British regulators on Friday gave final approval to Microsoft’s $69 billion acquisition of the video game publisher Activision Blizzard, the last major obstacle for a deal that at one point seemed to be falling apart because of government objections on both sides of the Atlantic.
Britain’s antitrust agency, the Competition and Markets Authority, said it signed off on the deal after Microsoft agreed to license to a rival a part of Activision’s business associated with so-called cloud gaming, a small but promising new area for the industry. The C.M.A. was the last regulator that needed to approve the deal before it could be finalized.
The approval is a major victory for Microsoft, which has spent nearly two years fighting objections in the United States and Britain. In July, the company won a court case against the Federal Trade Commission, which had tried to block the deal. And after British authorities said they would block the acquisition in April, Microsoft was able to convince them to reverse course, a rare occurrence for the C.M.A.
Microsoft and Activision are expected to complete the transaction in the coming days.
“The C.M.A. is resolute in its determination to prevent mergers that harm competition and deliver bad outcomes for consumers and businesses,” said Sarah Cardell, chief executive of the antitrust agency. “We delivered a clear message to Microsoft that the deal would be blocked unless they comprehensively addressed our concerns and stuck to our guns on that.”
The acquisition is the largest consumer technology deal since AOL bought Time Warner two decades ago, and it will combine Microsoft’s Xbox business with the world’s largest game publisher. Activision publishes titles such as “Call of Duty,” “Candy Crush,” and “World of Warcraft.”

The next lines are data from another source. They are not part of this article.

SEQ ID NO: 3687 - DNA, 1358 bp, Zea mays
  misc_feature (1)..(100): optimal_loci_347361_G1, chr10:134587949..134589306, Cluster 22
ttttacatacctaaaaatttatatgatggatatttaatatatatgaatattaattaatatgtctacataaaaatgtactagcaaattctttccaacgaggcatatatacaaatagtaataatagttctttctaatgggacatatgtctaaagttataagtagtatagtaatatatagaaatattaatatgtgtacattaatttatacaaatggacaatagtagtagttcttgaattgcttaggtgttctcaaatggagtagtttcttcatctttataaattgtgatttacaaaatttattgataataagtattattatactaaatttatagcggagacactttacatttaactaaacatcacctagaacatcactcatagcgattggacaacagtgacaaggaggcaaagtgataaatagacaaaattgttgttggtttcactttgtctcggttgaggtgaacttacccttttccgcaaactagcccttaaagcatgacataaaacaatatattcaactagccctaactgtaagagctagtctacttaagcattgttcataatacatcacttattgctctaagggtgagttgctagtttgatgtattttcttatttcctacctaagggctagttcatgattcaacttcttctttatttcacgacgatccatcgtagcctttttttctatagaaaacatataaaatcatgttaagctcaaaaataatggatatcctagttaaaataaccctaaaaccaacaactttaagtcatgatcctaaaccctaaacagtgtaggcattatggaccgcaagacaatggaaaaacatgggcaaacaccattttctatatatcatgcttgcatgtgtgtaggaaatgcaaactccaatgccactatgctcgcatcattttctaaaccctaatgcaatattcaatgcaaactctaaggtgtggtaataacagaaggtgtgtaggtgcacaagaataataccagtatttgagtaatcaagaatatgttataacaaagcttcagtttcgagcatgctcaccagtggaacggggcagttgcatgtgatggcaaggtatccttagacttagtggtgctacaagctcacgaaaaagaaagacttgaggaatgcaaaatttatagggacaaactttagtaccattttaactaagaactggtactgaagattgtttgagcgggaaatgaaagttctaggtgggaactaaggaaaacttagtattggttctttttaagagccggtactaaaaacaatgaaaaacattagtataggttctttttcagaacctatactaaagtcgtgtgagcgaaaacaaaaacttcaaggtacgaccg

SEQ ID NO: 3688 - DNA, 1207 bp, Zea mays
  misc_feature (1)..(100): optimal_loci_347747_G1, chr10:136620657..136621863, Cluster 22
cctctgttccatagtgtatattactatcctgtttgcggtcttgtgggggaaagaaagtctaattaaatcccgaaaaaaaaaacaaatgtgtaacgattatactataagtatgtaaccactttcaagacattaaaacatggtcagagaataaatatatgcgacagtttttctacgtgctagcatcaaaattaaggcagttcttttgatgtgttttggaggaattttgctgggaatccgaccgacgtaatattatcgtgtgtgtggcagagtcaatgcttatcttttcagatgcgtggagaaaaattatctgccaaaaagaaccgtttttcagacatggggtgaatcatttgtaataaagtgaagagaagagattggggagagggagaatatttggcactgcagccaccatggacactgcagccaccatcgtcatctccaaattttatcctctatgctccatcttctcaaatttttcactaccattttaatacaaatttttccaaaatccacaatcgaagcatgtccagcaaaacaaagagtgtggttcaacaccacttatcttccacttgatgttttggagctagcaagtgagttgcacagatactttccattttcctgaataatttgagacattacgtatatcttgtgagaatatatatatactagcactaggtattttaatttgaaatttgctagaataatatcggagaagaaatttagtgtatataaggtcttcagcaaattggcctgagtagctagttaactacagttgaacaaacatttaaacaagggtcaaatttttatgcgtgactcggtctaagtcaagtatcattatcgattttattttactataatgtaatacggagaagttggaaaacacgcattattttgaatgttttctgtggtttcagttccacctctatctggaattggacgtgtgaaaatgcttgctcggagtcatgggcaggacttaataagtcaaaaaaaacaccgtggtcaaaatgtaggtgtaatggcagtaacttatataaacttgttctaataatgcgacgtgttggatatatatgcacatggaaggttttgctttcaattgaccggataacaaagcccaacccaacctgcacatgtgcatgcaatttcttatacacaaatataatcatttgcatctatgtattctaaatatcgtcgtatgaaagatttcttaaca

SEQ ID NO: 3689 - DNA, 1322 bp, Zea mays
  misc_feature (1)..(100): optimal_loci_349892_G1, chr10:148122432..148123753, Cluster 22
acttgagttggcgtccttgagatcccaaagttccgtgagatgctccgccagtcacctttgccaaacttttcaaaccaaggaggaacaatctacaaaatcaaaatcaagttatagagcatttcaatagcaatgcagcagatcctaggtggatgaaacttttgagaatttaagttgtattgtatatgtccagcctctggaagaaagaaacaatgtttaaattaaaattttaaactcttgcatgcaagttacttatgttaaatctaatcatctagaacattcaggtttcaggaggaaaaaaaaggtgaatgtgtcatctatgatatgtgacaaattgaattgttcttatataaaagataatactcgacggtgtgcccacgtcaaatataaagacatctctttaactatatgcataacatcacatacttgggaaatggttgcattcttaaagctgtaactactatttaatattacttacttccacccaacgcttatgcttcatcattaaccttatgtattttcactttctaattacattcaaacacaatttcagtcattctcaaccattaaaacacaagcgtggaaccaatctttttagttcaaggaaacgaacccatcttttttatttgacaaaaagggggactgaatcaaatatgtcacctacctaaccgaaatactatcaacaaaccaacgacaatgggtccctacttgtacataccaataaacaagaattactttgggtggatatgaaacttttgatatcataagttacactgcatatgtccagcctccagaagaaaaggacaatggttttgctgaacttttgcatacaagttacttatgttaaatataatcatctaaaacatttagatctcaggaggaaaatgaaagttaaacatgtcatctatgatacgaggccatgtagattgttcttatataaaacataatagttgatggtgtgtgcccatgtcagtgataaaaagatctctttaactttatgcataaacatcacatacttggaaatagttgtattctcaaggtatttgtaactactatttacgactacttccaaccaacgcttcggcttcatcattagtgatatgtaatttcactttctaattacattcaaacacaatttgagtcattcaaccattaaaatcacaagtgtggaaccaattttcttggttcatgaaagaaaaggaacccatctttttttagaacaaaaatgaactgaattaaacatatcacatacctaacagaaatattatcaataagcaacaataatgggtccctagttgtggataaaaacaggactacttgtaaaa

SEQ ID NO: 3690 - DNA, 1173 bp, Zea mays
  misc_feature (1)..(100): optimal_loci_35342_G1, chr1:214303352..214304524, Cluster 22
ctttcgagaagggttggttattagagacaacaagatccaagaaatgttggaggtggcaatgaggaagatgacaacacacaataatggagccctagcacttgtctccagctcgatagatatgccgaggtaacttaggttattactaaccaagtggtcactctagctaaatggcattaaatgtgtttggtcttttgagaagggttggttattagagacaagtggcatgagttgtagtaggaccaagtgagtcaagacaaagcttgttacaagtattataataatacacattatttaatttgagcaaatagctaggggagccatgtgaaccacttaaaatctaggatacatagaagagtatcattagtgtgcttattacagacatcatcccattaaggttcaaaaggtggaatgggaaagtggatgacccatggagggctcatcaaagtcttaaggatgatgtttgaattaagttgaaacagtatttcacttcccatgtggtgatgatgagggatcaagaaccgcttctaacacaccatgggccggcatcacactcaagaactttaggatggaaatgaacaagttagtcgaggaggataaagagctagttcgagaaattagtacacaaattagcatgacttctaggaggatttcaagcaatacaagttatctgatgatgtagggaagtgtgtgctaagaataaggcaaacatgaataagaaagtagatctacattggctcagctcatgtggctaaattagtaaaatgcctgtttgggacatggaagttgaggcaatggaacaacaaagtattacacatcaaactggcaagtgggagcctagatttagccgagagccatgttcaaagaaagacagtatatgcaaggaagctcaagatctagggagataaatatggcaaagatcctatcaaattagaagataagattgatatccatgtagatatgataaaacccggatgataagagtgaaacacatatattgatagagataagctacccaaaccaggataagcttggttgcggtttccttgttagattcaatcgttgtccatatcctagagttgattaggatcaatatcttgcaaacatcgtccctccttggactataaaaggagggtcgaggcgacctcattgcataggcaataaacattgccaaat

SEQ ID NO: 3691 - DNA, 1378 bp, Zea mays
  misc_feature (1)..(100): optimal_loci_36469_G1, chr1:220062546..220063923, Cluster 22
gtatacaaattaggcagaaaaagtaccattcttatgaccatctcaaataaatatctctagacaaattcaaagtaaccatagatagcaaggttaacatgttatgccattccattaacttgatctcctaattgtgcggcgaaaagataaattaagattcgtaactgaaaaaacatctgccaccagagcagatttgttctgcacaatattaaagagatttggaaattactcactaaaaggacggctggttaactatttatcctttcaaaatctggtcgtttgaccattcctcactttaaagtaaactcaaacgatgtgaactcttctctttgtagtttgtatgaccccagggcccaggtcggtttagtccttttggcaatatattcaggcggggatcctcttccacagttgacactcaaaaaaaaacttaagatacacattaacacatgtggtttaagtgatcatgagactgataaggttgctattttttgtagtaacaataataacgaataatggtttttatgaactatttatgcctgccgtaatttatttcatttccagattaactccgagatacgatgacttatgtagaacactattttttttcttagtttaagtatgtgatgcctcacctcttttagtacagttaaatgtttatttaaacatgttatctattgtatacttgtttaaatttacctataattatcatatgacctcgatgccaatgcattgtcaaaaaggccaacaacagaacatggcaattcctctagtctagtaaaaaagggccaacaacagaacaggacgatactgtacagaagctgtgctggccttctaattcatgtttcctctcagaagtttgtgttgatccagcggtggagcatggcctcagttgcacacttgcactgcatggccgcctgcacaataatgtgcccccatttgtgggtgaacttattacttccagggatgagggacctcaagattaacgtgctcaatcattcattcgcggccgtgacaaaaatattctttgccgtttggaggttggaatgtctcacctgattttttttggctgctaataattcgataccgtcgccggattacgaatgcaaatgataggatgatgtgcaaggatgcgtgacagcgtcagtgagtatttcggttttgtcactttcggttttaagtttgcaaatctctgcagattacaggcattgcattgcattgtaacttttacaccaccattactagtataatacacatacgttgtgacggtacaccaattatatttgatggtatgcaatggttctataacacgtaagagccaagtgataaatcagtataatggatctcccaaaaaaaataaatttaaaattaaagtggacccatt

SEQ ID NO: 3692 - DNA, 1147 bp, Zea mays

“We have now crossed the final regulatory hurdle to close this acquisition, which we believe will benefit players and the gaming industry worldwide,” Brad Smith, the vice chair and president of Microsoft, said in a statement.
Bobby Kotick, the chief executive of Activision Blizzard, said he and his colleagues “look forward to becoming part of the Xbox team.”
Microsoft’s ability to push past the regulatory concerns shows the limits of government efforts to crimp the power of the world’s largest tech companies. First announced in January 2022, the acquisition was seen as a test of whether regulators could block a tech megamerger amid concerns about the industry’s growing economic might and societal influence.
Microsoft made a number of concessions to win approval. The company said it would not block Activision titles from being available for rival consoles such as Sony’s PlayStation.
To assuage concerns from British authorities, the company agreed to transfer the cloud streaming licensing rights for all current and new Activision Blizzard games to Ubisoft Entertainment, a rival game publisher in France.
Cloud gaming is still a very small market, but has the potential to be a major area of growth for the industry because the technology allows people to stream games on phones, tablets and other devices, diminishing the need for traditional consoles.
The arrangement is seen as preventing Microsoft from using Activision titles to give its cloud-gaming service an advantage over rival offerings. The structure will last for 15 years and apply to all markets except for the European Union, which approved the deal without the cloud gaming concession.